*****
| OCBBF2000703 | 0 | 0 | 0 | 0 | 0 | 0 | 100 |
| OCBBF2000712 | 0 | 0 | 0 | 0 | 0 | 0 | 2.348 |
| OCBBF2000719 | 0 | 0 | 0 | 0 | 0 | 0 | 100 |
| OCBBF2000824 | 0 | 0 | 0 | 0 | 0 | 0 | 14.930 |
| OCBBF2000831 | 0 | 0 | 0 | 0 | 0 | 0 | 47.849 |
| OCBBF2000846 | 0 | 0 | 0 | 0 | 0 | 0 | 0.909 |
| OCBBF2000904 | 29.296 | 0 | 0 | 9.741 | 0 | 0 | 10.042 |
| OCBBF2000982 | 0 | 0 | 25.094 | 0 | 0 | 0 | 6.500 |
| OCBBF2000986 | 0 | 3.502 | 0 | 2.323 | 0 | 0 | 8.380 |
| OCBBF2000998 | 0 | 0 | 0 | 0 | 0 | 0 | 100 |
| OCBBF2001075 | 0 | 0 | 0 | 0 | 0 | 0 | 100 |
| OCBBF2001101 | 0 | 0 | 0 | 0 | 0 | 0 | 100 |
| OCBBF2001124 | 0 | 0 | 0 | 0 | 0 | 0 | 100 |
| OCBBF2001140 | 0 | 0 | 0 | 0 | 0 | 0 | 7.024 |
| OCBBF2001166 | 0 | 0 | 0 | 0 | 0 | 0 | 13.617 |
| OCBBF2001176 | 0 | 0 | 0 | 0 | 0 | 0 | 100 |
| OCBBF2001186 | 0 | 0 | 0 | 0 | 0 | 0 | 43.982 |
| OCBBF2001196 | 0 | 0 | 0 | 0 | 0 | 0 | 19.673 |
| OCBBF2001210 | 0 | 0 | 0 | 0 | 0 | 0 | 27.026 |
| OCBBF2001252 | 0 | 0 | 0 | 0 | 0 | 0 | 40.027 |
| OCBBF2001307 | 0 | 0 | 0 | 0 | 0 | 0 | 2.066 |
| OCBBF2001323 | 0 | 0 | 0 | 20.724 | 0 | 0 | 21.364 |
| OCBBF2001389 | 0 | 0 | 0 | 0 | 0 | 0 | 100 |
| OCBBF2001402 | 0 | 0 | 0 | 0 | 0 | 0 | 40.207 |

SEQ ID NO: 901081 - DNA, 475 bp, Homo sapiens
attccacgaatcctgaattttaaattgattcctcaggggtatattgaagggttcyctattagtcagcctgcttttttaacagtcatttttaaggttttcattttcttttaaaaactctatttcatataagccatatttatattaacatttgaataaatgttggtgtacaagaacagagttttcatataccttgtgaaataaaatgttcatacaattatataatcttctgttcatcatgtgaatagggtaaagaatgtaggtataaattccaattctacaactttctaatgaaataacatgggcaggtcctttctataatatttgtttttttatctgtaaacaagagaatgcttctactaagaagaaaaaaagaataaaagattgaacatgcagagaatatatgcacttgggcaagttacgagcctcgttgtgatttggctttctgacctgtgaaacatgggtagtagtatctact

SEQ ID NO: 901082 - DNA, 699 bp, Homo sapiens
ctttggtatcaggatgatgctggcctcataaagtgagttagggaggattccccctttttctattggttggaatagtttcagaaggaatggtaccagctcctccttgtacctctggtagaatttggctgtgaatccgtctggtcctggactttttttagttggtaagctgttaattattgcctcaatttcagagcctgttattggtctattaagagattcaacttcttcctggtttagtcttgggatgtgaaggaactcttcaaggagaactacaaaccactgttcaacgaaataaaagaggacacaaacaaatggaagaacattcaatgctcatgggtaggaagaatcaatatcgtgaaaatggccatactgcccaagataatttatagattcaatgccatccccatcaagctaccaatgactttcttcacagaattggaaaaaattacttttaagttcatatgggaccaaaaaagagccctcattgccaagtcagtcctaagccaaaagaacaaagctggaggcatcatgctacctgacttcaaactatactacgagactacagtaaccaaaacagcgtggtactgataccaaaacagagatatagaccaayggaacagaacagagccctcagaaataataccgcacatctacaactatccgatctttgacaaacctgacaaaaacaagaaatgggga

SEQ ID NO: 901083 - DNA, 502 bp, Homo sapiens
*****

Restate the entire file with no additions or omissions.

| OCBBF2000703 | 0 | 0 | 0 | 0 | 0 | 0 | 100 |
| OCBBF2000712 | 0 | 0 | 0 | 0 | 0 | 0 | 2.348 |
| OCBBF2000719 | 0 | 0 | 0 | 0 | 0 | 0 | 100 |
| OCBBF2000824 | 0 | 0 | 0 | 0 | 0 | 0 | 14.930 |
| OCBBF2000831 | 0 | 0 | 0 | 0 | 0 | 0 | 47.849 |
| OCBBF2000846 | 0 | 0 | 0 | 0 | 0 | 0 | 0.909 |
| OCBBF2000904 | 29.296 | 0 | 0 | 9.741 | 0 | 0 | 10.042 |
| OCBBF2000982 | 0 | 0 | 25.094 | 0 | 0 | 0 | 6.500 |
| OCBBF2000986 | 0 | 3.502 | 0 | 2.323 | 0 | 0 | 8.380 |
| OCBBF2000998 | 0 | 0 | 0 | 0 | 0 | 0 | 100 |
| OCBBF2001075 | 0 | 0 | 0 | 0 | 0 | 0 | 100 |
| OCBBF2001101 | 0 | 0 | 0 | 0 | 0 | 0 | 100 |
| OCBBF2001124 | 0 | 0 | 0 | 0 | 0 | 0 | 100 |
| OCBBF2001140 | 0 | 0 | 0 | 0 | 0 | 0 | 7.024 |
| OCBBF2001166 | 0 | 0 | 0 | 0 | 0 | 0 | 13.617 |
| OCBBF2001176 | 0 | 0 | 0 | 0 | 0 | 0 | 100 |
| OCBBF2001186 | 0 | 0 | 0 | 0 | 0 | 0 | 43.982 |
| OCBBF2001196 | 0 | 0 | 0 | 0 | 0 | 0 | 19.673 |
| OCBBF2001210 | 0 | 0 | 0 | 0 | 0 | 0 | 27.026 |
| OCBBF2001252 | 0 | 0 | 0 | 0 | 0 | 0 | 40.027 |
| OCBBF2001307 | 0 | 0 | 0 | 0 | 0 | 0 | 2.066 |
| OCBBF2001323 | 0 | 0 | 0 | 20.724 | 0 | 0 | 21.364 |
| OCBBF2001389 | 0 | 0 | 0 | 0 | 0 | 0 | 100 |
| OCBBF2001402 | 0 | 0 | 0 | 0 | 0 | 0 | 40.207 |

SEQ ID NO: 901081 - DNA, 475 bp, Homo sapiens
attccacgaatcctgaattttaaattgattcctcaggggtatattgaagggttcyctattagtcagcctgcttttttaacagtcatttttaaggttttcattttcttttaaaaactctatttcatataagccatatttatattaacatttgaataaatgttggtgtacaagaacagagttttcatataccttgtgaaataaaatgttcatacaattatataatcttctgttcatcatgtgaatagggtaaagaatgtaggtataaattccaattctacaactttctaatgaaataacatgggcaggtcctttctataatatttgtttttttatctgtaaacaagagaatgcttctactaagaagaaaaaaagaataaaagattgaacatgcagagaatatatgcacttgggcaagttacgagcctcgttgtgatttggctttctgacctgtgaaacatgggtagtagtatctact

SEQ ID NO: 901082 - DNA, 699 bp, Homo sapiens
ctttggtatcaggatgatgctggcctcataaagtgagttagggaggattccccctttttctattggttggaatagtttcagaaggaatggtaccagctcctccttgtacctctggtagaatttggctgtgaatccgtctggtcctggactttttttagttggtaagctgttaattattgcctcaatttcagagcctgttattggtctattaagagattcaacttcttcctggtttagtcttgggatgtgaaggaactcttcaaggagaactacaaaccactgttcaacgaaataaaagaggacacaaacaaatggaagaacattcaatgctcatgggtaggaagaatcaatatcgtgaaaatggccatactgcccaagataatttatagattcaatgccatccccatcaagctaccaatgactttcttcacagaattggaaaaaattacttttaagttcatatgggaccaaaaaagagccctcattgccaagtcagtcctaagccaaaagaacaaagctggaggcatcatgctacctgacttcaaactatactacgagactacagtaaccaaaacagcgtggtactgataccaaaacagagatatagaccaayggaacagaacagagccctcagaaataataccgcacatctacaactatccgatctttgacaaacctgacaaaaacaagaaatgggga

SEQ ID NO: 901083 - DNA, 502 bp, Homo sapiens